It has always been widely accepted that small businesses are nimbler and more entrepreneurial than their big business counterparts. Indeed, much of the competitive advantage for SMEs come from the fact that, with smaller headcounts and less bureaucracy, they can get work done in less time. But being nimble also means that employees, as ‘generalists’ rather than ‘specialists,’ often have to juggle multiple roles within the business, and that can slow them down and may impact quality.
It is against that background that human capital solutions provider ADP recently carried out a round of research into how employees will be expected to upskill in the future. It found that 90% of larger companies in Asia Pacific will probably or definitely require people to learn new skills rapidly to adapt with constantly shifting roles.
In addition, the research demonstrated that 93% of large companies will either probably or definitely allow people to use technology to learn anything, anytime, anywhere. This suggests larger companies with greater resources are likely to invest in helping ‘specialist’ employees access people, tools, and information they need to get more work done in less time.
Competitive advantage: wrestle it back
For SMEs, then, the message appears clear. One of your main competitive advantages has been exposed, and your larger peers may catch up to you. With that in mind, what can you do to wrestle it back before it starts to affect your bottom line?
The solution for SMEs may be counter-intuitive. Small business employees may have a naturally wide skill set necessitated by working in a small team, but more often than not that skill set is static and predictable (think invoicing, report drafting and client communications) and sometimes a wide range of responsibilities can lead employees to feeling overwhelmed. But what if a manager could afford them the time to learn other skills by taking away some of the more mundane tasks?
Big businesses upskill workers through dedicated HR teams that organise training days and seminars but SMEs can get in on the act too by making full use of the many publically available digital platforms and resources available to grow your employees skills and reassigning tasks that they don’t necessarily need to do.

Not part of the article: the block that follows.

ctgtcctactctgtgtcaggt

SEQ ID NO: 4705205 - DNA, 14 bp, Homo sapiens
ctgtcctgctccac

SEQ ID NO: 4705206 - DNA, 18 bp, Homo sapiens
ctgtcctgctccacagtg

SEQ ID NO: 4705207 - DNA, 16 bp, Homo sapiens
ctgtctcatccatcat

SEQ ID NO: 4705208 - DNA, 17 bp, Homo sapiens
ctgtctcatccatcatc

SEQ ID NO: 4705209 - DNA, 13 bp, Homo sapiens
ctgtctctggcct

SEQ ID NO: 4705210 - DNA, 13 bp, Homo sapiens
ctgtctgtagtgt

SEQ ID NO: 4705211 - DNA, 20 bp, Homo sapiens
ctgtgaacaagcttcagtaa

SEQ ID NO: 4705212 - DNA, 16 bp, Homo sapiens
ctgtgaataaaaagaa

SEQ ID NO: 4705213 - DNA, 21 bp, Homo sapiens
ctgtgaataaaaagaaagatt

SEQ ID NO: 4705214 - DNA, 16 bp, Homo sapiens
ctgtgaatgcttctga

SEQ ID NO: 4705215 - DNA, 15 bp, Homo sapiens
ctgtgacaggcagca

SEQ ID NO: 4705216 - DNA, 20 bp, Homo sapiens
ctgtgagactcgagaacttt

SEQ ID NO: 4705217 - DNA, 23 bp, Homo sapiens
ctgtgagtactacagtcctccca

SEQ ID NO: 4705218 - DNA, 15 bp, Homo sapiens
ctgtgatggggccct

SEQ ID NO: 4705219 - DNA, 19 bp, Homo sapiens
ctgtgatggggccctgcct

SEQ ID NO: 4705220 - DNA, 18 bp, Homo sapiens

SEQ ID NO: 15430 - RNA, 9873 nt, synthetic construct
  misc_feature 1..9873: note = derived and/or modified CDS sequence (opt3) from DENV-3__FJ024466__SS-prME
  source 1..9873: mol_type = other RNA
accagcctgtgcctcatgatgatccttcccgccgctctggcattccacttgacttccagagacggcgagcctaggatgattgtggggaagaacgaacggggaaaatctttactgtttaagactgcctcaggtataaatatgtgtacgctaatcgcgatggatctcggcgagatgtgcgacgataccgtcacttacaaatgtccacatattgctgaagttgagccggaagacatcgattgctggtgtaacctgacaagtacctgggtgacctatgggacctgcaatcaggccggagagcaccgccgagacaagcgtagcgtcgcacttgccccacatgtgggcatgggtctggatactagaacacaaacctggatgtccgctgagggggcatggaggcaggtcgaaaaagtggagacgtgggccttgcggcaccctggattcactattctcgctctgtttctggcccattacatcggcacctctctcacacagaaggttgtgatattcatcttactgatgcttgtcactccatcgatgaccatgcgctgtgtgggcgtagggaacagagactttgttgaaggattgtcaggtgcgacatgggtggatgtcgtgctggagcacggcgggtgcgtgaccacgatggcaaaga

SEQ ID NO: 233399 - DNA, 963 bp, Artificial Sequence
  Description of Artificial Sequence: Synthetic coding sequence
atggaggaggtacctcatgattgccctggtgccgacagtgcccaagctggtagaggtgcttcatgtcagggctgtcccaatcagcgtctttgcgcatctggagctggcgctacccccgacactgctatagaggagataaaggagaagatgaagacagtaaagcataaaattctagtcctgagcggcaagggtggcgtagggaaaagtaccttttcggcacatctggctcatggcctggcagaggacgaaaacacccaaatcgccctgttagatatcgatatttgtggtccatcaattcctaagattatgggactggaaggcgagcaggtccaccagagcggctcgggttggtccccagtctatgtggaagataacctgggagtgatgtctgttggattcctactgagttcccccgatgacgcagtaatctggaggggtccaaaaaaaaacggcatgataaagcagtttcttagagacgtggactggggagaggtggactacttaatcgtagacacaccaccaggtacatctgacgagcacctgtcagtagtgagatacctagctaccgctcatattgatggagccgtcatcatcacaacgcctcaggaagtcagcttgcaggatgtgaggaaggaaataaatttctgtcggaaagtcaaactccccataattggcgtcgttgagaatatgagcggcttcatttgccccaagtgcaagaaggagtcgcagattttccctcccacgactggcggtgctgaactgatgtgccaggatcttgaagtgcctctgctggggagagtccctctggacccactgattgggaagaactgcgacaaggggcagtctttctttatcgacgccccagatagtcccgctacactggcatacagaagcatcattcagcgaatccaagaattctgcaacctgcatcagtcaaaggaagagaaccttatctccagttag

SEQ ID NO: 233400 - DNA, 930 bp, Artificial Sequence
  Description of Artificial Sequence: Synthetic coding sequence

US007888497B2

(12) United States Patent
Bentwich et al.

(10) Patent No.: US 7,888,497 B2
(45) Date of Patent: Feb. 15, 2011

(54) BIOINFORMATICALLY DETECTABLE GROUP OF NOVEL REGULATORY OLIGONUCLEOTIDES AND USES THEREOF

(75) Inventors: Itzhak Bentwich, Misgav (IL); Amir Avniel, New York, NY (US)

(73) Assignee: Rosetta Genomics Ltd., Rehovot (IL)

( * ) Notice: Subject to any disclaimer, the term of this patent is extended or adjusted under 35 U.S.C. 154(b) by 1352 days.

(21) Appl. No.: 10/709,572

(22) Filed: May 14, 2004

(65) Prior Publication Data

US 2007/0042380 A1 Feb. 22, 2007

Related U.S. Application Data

For example, if a manager takes admin heavy tasks such as compliance, payroll and time sheet management off an employee’s hands, that time can be usefully reassigned to learning a new skill or deepening an existing customer relationship.
However, if finding a time in the work-day that is suitable for all employees in a busy small business proves difficult, a webinar series or internet short course that can be engaged with at any time could prove a more suitable option.
ADP’s research shows that the notion of using technology to learn new skills wherever and whenever possible is welcomed by 74 % of Australian workers, who believe this is a trend already taking place today. This seems to suggest that workers of today are open to learning new skills, so take the leap and put some options out there to your teams.
Analyse how your employees are spending their time
Best of all, a small head count allows SME operators to consult all of their employees on what they feel would be most valuable – an option not available to most larger corporations.
It can be difficult to find time to invest in these tasks in any small business as there is always so much to do. But a neutral analysis of how your employees are spending their time, and whether this time could more usefully be deployed elsewhere, is always a useful thing to do. You may just find that, with small adjustments to who does what, and some shrewd outsourcing, small business can keep ahead of the pack by investing in skills of their people today which will be vital to your business tomorrow.
About the author
Susan Heron is the Managing Director of ADP Australia and New Zealand.
 Defined as a business of less than 250 employees